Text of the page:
San Felipe 250
Since the first 1,000-mile contest down the famous peninsula in 1967, racers have bet their wits, wallets, and intestinal fortitude that they could successfully campaign against the terrain and their racing foes. Time and again, Baja responded to the racers' ambitions by flinging rocks, bottomless silt beds, mud pits, mechanical breakdowns, and the occasional errant bovine into the racers' paths. After more than 35 years, the message is clear: Baja will never be subdued.
Although the racers have long conceded to the Baja's might, they come back for the thrill of the challenge. While the legendary SCORE Baja 1000 remains sovereign, SCORE's San Felipe 250 is quickly gaining a reputation as a tough race in its own right. What "San Flippy" lacks in distance it makes up in brutal terrain.
The course resembles a flopped B, starting and finishing in normally quiet San Felipe on the Gulf of California. While wide enough for passing, the 228-mile course is rugged, complete with rock-strewn washes and cross-grain whoops. Racers are treated to an extra challenge at Zoo Road, where inebriated race fans test their chicken playing abilities! The fans' bravado gives new meaning to the phrase "close to the action." Between the rocks, cross-grain whoops, deep silt beds, and loco fans, San Felipe gives competitors little time to relax. If the Baja 1000 is a 1-mile run, then the San Felipe 250 is a 50-yard dash. Plan on feeling exhausted after racing in either one.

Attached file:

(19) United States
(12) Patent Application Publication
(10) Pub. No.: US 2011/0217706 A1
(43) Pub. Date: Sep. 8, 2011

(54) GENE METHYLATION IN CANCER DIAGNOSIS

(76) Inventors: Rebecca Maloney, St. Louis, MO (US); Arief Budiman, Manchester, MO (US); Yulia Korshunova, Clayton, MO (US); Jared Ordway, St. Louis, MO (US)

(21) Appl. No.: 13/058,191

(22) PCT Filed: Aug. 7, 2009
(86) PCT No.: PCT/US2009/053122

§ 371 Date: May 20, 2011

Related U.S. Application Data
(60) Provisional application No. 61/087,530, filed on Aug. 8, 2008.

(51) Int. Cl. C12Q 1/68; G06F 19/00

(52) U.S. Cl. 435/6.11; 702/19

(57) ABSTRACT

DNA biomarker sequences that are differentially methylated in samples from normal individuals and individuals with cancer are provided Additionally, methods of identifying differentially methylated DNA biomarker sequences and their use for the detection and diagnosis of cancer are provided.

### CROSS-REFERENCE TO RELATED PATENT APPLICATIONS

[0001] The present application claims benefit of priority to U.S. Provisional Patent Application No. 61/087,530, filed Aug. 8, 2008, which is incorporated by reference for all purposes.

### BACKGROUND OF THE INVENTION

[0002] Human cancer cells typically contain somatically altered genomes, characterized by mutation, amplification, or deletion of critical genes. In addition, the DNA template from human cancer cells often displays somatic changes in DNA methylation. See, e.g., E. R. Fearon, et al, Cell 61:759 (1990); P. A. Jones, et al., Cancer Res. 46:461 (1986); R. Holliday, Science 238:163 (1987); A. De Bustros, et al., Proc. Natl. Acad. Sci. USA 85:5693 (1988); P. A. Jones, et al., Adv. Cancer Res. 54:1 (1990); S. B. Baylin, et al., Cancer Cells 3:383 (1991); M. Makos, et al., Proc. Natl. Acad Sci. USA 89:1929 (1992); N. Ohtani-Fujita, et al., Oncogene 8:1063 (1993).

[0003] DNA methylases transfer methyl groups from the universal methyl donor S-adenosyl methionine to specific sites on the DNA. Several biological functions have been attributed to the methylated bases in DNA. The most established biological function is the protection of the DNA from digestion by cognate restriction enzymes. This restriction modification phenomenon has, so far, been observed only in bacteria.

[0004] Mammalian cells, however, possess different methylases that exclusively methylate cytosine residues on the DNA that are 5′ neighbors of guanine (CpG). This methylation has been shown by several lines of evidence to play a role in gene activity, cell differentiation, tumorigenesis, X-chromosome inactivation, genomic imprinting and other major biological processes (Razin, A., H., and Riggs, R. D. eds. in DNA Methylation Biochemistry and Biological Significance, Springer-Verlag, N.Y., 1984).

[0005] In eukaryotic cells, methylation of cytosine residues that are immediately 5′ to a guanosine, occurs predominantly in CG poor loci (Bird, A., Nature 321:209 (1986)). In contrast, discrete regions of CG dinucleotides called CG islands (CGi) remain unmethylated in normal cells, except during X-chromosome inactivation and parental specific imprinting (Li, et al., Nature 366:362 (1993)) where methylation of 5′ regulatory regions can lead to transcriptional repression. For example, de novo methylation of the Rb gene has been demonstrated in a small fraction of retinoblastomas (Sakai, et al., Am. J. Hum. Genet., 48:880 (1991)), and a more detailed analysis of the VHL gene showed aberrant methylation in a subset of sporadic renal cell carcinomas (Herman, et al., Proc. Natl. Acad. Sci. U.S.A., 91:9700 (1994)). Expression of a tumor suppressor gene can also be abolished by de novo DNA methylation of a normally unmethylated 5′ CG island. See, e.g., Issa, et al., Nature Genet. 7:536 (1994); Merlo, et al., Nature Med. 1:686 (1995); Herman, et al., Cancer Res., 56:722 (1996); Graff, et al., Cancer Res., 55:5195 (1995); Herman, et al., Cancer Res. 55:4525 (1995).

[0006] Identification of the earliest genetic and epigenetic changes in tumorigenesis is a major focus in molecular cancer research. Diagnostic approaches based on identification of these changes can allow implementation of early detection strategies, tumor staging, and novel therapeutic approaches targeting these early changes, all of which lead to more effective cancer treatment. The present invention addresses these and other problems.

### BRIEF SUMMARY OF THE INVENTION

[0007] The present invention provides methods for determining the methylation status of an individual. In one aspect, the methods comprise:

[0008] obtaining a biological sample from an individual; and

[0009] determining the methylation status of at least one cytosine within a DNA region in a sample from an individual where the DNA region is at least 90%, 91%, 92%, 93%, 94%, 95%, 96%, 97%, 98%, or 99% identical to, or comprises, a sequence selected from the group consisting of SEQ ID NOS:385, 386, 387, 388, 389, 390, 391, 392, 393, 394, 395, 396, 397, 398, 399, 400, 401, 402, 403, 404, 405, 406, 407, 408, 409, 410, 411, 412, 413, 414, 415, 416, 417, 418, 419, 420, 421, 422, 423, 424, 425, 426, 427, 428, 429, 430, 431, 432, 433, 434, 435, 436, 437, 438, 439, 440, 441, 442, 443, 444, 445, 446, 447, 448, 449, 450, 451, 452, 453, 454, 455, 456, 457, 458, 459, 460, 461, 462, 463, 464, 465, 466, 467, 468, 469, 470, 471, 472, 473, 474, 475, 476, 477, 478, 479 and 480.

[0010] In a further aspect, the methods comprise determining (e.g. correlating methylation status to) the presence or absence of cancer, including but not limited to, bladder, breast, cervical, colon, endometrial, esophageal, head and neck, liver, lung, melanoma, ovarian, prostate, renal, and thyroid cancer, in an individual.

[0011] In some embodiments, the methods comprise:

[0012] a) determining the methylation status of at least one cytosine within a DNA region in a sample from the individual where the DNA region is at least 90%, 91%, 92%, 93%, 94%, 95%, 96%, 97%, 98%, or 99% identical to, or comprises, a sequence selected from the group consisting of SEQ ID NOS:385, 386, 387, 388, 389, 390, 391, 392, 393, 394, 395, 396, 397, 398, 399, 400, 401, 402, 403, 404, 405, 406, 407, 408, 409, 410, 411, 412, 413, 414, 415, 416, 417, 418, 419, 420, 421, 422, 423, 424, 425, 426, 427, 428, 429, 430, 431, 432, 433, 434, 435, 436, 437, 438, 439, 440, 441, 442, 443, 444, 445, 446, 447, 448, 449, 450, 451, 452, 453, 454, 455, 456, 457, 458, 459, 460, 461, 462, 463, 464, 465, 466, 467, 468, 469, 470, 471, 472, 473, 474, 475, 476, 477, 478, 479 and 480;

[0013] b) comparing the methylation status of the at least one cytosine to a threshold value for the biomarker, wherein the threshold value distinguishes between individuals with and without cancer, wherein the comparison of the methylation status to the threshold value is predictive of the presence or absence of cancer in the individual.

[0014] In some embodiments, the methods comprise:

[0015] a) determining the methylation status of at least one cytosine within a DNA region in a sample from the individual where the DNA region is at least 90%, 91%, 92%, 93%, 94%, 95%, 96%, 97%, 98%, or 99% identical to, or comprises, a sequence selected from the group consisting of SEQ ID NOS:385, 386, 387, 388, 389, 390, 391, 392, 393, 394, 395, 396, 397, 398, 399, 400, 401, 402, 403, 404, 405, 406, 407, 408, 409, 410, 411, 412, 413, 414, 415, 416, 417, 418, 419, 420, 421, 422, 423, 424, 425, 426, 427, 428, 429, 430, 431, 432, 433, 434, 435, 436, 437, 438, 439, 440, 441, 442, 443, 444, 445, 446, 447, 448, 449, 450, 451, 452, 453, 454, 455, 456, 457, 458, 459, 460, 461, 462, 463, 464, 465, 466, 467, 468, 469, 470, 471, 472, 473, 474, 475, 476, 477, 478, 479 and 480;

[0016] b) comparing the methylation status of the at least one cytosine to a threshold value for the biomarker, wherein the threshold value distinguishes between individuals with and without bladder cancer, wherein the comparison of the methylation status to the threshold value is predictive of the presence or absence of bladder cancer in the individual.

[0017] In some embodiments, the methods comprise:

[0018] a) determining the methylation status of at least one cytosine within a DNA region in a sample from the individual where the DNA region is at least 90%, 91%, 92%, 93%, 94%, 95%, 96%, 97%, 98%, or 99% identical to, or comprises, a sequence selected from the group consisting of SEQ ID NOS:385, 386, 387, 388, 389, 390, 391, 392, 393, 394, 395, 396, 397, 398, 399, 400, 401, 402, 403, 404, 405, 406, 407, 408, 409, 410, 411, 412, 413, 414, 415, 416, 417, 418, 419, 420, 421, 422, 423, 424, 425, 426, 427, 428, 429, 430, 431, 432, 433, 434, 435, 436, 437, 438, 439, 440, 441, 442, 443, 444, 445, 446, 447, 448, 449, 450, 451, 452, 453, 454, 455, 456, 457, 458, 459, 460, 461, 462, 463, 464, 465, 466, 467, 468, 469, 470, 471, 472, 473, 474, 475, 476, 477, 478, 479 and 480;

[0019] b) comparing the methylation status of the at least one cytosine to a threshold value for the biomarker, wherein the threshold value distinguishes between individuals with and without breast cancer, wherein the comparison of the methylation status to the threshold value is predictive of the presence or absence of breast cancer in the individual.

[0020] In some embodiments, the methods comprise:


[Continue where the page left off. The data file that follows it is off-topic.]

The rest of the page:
Tragedy marred an otherwise excellent San Felipe 250. Motorcycle racer David Bills, 33, of San Diego, died as a result of injuries suffered during the competition. There is no question that racing is a dangerous endeavor, and everyone involved takes steps to minimize the danger. Despite good intentions and best efforts, accidents still happen. Providence willing, this won't happen again for a long, long time - if ever. Our thoughts and prayers go out to the Bill's family.
This year, the Mexicana Logistics Trophy Truck piloted by Gus Vildosola and multiple champion Rob MacCachren stormed the course and finished nearly 10 minutes ahead of Second-Place Dale Ebberts. Fifteen Trophy Trucks faced off with the San Felipe course. Final tally? Trophy Trucks: 8, Baja: 7. Among those who did not finish were Brian Collins and Marty Coyne - two drivers who lack neither experience nor funding for a competitive racing effort; Baja simply outdid them. Four-wheeled truck and buggy entries totaled 168, with 113 finishing. Did we mention San Felipe was a tough race?